National Grid faces a civil-court action and penalties following a finding by the state Public Service Commission that it failed to follow rules in shutting off gas to a Water Mill home that later exploded, severely injuring two people.

The PSC has asked National Grid, which operates the natural-gas delivery system on Long Island, to show why the state agency should not commence the court action and penalties following an investigation of the Feb. 11, 2015, explosion.

The state probe found the company “failed to follow regulations regarding discontinuance of gas service to the property.”

Rules require gas companies to shut off service when customers request it. In this case, National Grid workers “simply removed the customer’s name from the account when they called to close the account,” but left gas service on, PSC said.

Two workers renovating the house at 21 Old Country Rd. “struck the natural gas facilities in the basement, causing gas to be released, resulting in the explosion,” the PSC said. Both workers were airlifted to the hospital with serious, but non-life-threatening injuries.

National Grid could be forced to pay $100,000 or more per day for a “continuing violation,” starting with the date the customer requested the shut-off to the date of the explosion. In a 2014 Schenectady explosion, National Grid agreed to pay $500,000 to ratepayers to settle the case, which did not result in injuries.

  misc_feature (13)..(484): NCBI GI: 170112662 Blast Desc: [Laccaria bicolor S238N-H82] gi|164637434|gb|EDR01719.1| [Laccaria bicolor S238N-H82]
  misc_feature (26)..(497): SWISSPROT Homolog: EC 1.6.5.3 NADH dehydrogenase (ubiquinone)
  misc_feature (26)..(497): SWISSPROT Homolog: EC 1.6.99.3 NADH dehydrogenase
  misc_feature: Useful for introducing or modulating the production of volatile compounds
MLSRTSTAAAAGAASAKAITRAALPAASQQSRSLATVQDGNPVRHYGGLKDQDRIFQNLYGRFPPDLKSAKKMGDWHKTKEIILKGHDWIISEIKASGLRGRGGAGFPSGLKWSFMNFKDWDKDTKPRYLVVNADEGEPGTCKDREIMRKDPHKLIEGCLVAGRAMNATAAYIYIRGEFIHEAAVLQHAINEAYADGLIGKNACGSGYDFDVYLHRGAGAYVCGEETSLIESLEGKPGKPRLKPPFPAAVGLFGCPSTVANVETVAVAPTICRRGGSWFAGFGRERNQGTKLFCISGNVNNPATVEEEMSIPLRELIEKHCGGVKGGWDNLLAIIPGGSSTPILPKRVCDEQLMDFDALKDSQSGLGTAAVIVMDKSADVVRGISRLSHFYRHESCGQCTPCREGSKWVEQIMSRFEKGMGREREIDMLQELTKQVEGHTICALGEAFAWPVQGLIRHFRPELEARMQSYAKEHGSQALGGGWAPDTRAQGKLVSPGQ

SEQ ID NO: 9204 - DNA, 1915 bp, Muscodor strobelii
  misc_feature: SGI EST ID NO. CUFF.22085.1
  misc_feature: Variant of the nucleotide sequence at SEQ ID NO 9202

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In its Water Mill probe, the PSC found “the customer specifically told National Grid that the new owner would not need gas service for the foreseeable future and yet National Grid still failed to lock the service. The explosion occurred two months after that call.”

Any penalty would be paid by National Grid shareholders, not customers, PSC said.

National Grid spokeswoman Wendy Ladd said the utility is taking the issues raised by the PSC “very seriously” and will respond “within the time frame required by the order.”

“We believe we have fully addressed the issues identified as part of our commitment to continuously improve the safety of our gas system,” she said. “We cannot comment further on pending proceedings.”

The commission said the incident was of “particular concern” because it’s the second resulting from a National Grid gas shut-off violation, following the Schenectady incident.

PSC chairman John Rhodes in a statement said the commission had “zero tolerance” for violations of gas-shutoff standards.